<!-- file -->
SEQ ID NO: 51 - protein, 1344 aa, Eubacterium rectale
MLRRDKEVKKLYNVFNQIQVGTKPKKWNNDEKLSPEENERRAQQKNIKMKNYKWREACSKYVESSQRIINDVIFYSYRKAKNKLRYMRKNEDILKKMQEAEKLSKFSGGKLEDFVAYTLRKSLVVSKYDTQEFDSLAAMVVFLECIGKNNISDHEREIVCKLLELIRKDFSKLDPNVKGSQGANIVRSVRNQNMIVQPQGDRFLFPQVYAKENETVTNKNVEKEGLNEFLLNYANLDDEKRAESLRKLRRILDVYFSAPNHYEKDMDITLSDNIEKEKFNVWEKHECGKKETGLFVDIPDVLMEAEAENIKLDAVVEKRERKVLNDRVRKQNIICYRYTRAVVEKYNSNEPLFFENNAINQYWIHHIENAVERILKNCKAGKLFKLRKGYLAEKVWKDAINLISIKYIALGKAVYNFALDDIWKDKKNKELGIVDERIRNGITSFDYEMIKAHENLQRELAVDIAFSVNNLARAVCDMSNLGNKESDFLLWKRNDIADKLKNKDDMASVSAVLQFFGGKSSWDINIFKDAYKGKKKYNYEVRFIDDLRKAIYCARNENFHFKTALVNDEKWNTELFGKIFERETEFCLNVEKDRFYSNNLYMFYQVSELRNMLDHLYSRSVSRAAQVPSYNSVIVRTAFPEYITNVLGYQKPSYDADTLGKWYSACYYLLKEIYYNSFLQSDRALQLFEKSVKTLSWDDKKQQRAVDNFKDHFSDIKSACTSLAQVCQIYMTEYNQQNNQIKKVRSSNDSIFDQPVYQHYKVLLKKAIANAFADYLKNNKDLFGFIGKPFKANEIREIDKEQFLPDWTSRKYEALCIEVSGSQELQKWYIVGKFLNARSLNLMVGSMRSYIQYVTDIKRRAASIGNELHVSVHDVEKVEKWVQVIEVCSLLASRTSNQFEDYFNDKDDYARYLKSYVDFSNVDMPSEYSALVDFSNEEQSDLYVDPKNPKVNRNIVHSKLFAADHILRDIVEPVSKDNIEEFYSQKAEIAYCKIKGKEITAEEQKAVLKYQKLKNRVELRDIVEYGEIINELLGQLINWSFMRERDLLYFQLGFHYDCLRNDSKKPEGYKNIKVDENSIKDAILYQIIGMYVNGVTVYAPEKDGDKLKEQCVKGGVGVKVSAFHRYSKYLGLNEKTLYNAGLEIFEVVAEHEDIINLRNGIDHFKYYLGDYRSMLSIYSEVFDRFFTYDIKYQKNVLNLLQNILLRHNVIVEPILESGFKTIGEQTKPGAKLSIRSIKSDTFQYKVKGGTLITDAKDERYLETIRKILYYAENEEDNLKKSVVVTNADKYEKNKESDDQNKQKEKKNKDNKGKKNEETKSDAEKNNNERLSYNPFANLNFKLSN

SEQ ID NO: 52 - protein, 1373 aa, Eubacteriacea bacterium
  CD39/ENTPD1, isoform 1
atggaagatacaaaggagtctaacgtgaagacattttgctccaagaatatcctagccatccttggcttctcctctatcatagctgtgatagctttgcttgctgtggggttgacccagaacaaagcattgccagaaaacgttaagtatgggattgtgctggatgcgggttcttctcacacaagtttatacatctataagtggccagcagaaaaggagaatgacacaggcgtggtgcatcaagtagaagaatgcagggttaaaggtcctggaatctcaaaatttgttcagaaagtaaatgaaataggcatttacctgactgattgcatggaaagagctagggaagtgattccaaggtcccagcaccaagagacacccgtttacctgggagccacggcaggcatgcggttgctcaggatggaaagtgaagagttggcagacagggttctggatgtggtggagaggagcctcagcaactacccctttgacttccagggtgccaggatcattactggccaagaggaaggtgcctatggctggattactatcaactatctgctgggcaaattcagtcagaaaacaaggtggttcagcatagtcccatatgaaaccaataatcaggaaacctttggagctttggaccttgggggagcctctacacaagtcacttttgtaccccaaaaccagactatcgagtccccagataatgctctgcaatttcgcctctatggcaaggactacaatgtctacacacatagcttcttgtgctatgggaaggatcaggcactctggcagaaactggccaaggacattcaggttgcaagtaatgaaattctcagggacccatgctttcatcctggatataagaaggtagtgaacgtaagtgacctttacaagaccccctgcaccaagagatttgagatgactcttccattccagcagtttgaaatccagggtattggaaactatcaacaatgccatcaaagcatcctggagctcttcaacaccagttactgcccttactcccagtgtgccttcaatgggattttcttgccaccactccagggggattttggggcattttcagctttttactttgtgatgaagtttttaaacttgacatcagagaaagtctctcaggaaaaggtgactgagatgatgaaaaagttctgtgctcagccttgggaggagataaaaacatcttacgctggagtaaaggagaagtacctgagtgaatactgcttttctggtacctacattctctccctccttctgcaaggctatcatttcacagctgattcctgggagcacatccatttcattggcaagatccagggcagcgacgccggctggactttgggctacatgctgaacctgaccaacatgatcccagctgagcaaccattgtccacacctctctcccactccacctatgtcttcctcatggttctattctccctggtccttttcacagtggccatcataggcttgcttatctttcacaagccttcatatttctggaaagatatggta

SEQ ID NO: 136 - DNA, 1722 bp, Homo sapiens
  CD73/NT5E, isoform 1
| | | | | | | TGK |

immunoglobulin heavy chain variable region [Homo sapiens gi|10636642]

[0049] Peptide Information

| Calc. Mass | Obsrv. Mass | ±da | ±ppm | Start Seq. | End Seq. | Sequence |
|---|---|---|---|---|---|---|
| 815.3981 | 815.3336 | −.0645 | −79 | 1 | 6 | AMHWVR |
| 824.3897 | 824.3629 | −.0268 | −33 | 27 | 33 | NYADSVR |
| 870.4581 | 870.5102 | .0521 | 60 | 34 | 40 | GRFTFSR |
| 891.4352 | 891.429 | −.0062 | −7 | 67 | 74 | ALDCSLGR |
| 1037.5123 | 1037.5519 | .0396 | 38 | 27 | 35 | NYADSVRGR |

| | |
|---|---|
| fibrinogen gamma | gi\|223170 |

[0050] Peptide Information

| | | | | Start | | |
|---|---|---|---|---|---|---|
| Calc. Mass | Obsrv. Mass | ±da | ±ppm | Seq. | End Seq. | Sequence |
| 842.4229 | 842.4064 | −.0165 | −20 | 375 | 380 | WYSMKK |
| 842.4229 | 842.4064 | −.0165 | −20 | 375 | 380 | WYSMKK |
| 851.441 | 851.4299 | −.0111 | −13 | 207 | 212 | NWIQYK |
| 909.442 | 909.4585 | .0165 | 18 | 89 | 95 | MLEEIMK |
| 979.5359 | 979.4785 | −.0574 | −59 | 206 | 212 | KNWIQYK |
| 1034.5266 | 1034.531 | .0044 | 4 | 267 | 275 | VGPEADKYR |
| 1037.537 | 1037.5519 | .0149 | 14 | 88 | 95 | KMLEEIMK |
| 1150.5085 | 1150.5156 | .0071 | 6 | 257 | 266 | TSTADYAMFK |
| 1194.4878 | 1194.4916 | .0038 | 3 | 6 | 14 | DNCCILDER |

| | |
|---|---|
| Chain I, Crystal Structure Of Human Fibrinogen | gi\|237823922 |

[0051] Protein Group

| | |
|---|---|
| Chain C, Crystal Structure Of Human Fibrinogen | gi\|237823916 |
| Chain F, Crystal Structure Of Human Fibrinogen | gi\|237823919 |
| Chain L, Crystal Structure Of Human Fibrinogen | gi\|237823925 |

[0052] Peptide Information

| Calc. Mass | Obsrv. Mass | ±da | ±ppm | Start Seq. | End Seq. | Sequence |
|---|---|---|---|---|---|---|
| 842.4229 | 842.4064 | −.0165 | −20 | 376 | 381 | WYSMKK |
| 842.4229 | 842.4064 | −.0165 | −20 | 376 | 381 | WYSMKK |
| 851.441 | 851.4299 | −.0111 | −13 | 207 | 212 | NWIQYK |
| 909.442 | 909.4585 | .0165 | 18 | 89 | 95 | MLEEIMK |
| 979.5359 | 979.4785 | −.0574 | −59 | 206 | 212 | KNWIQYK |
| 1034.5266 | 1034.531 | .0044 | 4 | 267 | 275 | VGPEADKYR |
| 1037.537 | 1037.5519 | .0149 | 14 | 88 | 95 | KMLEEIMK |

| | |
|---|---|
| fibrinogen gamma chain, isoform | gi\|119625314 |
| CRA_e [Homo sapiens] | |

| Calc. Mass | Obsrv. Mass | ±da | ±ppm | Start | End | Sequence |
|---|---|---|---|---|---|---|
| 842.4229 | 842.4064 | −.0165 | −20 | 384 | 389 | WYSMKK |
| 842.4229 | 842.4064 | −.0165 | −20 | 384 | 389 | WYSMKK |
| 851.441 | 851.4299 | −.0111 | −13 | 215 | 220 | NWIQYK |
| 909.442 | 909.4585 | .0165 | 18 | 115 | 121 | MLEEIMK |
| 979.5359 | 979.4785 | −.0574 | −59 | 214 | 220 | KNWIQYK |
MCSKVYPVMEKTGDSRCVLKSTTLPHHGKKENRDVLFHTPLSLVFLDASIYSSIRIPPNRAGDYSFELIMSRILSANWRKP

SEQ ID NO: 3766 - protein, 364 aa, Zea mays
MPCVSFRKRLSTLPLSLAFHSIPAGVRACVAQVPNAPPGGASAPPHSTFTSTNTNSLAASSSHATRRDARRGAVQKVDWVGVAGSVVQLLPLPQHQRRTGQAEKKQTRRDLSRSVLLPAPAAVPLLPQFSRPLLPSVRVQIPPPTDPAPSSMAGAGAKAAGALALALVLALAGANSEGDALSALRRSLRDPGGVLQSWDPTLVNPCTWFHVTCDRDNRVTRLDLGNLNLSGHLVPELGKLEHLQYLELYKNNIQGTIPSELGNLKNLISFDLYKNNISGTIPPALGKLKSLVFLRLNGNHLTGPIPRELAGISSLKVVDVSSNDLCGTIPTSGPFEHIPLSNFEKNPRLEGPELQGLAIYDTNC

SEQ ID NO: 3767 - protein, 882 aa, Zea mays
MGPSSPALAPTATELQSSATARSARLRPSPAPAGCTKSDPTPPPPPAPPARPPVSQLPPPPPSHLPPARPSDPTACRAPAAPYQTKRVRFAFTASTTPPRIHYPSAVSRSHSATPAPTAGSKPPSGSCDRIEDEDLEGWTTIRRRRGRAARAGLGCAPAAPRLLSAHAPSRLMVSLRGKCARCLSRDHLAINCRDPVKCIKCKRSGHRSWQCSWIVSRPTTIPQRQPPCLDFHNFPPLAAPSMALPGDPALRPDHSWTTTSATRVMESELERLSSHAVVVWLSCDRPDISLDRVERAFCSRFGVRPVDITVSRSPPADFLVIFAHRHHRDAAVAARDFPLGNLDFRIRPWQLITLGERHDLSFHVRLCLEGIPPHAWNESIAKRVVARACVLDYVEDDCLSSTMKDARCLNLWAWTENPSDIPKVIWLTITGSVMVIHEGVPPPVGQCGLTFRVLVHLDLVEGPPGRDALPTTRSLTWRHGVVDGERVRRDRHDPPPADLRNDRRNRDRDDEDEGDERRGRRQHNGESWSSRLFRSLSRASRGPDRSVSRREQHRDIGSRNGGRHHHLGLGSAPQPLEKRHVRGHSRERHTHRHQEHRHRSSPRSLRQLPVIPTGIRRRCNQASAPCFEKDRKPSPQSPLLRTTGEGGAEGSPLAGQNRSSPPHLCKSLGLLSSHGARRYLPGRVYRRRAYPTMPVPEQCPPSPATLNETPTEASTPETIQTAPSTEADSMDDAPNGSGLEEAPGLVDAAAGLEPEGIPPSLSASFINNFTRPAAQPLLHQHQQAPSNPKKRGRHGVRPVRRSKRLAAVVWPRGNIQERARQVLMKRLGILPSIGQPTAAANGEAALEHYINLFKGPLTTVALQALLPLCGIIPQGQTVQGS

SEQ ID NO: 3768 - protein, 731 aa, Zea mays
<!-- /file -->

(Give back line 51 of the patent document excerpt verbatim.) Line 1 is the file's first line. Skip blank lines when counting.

| 1034.5266 | 1034.531 | .0044 | 4 | 267 | 275 | VGPEADKYR |